3. mean the undergrad school is not part of the same NYU as the Med one has absolutely nothing to do with the other? Why would I bother reading other articles other than what is posted above and the article it links to where it is stated: "New York University will offer a scholarship that covers tuition to every new, current and future medical student, it said Thursday". Does that say that some Rich guy made a contribution to cover all medical school tuitions somewhere? Maybe you can point that out. So when you ask me to "check the facts...that sure would be a lot easier if you evidence you know something about the "facts" and can source them. Its possible you are somehow affiliated with the school or more likely, you sound like the type of lawyer we all so much admire these parts.

    4. Both 156 and 4p have no idea of the relationship between medical schools and undergraduate schools-as in, there is none financically. You can't extrapolate what occurs in the art department to the medical school, as the art dept is part of undergrad, and the medical school isn't.
      Yes, 4p-check your facts; Kenneth Lagone gave $100 million, another $350 million raised from others. Your insults are amusing, your sloth even moreso. So here's your source:

  2. Don’t expect free tuition at an ABA accredited law school any time soon. The goals of law schools and med schools are remarkably different. Any physician can have a long, rewarding, and successful career in medicine. Physicians who pursue academic medicine earn less. But physicians who pursue academic medicine can train students and residents while treating patients. They can do research that improves the diagnosis of health problems and treatment of patients. And they benefit from the prestige of working for a teaching hospital. Lawyers on the other hand do not have job security or guarantees of high pay. The up or out system of big law firms has been around for decades. Teaching law has been a popular post-big law landing spot for lawyers with elite credentials. The law professors can earn six figure salaries for very little work. The law professors don’t have to actually represent clients or do any legal work. They merely have to teach a couple classes a semester.

    Not surprisingly, given that the faculty of med schools are made up of practicing physicians, their goals tend to align with benefiting and protecting patients. Med school professors are training students who will eventually become one of their peers. One day, the med school professor may need to refer their patient to one of their former students. So med school professors have an interest in making sure their student is competent. The faculty at NYU have recognized another problem in the medical field. Unfortunately, Medicare and health insurers reimburse physicians more for procedures. So the highest paid specialties are the ones that involve surgeries and procedures – orthopedic surgery, interventional cardiology, gastroenterology, etc. Patients can’t see these specialists for checkups, preventative care, and basic health needs. Patients need to see family practitioners, internal medicine physicians, and pediatricians for their general health needs. But because these specialties receive lower reimbursements from Medicare and health insurers, fewer medical students tend to pursue these specialties. Hopefully, NYU will encourage more of their students to pursue primary care now because the students don’t have to worry about repaying student loans.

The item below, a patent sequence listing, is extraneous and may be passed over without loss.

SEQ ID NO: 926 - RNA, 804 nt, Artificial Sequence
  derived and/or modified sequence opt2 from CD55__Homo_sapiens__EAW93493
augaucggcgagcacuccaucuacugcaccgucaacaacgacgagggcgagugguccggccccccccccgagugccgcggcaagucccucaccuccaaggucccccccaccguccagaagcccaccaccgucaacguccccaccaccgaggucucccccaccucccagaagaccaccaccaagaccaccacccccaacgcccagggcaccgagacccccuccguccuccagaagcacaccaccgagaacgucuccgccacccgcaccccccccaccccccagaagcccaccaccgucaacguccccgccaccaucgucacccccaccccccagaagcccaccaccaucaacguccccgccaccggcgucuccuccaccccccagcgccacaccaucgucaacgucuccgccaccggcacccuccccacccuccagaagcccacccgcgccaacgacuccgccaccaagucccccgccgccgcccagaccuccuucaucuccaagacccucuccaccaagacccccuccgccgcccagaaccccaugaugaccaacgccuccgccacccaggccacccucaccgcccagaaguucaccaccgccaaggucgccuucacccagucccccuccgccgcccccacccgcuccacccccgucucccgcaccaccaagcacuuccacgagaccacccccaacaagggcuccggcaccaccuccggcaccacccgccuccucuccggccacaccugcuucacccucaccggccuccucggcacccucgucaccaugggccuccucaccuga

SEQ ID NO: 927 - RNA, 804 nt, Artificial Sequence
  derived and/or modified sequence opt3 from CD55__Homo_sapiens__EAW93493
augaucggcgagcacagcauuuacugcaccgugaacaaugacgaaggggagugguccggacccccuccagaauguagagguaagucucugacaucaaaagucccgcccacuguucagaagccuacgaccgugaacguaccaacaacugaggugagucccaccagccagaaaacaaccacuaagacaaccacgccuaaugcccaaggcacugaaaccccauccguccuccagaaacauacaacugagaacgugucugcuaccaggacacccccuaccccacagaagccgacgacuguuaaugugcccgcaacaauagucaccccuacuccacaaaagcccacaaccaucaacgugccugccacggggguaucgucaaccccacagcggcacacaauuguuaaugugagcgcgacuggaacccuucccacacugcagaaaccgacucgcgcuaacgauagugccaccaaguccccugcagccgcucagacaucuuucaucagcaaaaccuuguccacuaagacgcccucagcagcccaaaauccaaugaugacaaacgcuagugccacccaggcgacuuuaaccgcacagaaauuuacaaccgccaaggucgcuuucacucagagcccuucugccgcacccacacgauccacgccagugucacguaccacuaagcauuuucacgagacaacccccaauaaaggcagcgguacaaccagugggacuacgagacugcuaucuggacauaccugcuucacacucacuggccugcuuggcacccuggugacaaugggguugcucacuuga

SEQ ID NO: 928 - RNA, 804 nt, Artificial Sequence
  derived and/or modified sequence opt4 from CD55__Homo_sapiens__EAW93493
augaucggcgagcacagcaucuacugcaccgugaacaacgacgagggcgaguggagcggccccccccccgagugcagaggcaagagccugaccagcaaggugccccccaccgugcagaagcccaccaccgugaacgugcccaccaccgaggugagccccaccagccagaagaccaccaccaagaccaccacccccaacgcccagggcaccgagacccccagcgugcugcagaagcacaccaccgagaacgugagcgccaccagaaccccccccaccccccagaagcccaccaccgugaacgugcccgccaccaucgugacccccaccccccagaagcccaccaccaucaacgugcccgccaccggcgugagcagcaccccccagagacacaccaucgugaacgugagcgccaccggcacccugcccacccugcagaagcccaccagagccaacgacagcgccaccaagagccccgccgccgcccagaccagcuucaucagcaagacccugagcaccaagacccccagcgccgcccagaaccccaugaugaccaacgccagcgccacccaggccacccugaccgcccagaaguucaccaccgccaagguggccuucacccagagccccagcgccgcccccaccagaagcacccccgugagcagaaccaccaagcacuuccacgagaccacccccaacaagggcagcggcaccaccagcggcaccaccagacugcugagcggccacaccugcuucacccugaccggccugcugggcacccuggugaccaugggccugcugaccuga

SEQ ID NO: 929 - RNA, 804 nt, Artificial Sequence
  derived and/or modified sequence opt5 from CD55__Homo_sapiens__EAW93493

The faculty and staff that operate law schools have much different goals. The law professors and administrators don’t earn any revenue from practicing law. Their salary comes solely from tuition dollars. So the law professors and administrators have no interest in protecting the public. When law school applications dropped, the law schools lowered standards. When bar passage rates plummeted, the law schools called for lowering bar passage standards. Prior to the law school scam blog movement, the law schools published fictitious employment statistics and enticed students with scam conditional scholarships with section stacking. They did anything to scam students and bring in more student loan dollars. The law schools thought very little of their students or the public.

    According to NYU’s ABA required disclosures, the school admitted 427 first year students. Tuition alone at NYU law is $63,802 per year. Compare that to the med school, that enrolled 102 new students this fall. The total size of the med school is 442 students. And tuition is now free.

  3. There are law schools offering free tuition. Granted, they are not openly offering it, but if you have good admission numbers, you can get it. That doesn't make it a good deal.

    Med school and law school are apples and oranges.

  4. Here's hoping for a trifecta, with Florida Coastal biting the dust in the immediate future. And if you're a student at FC-espeically a soon-to-be 1L-how do you convince yourself that the shameless folks running FC aren't going to leave you locked out, too?

  5. Med school was the most horrible experience in my life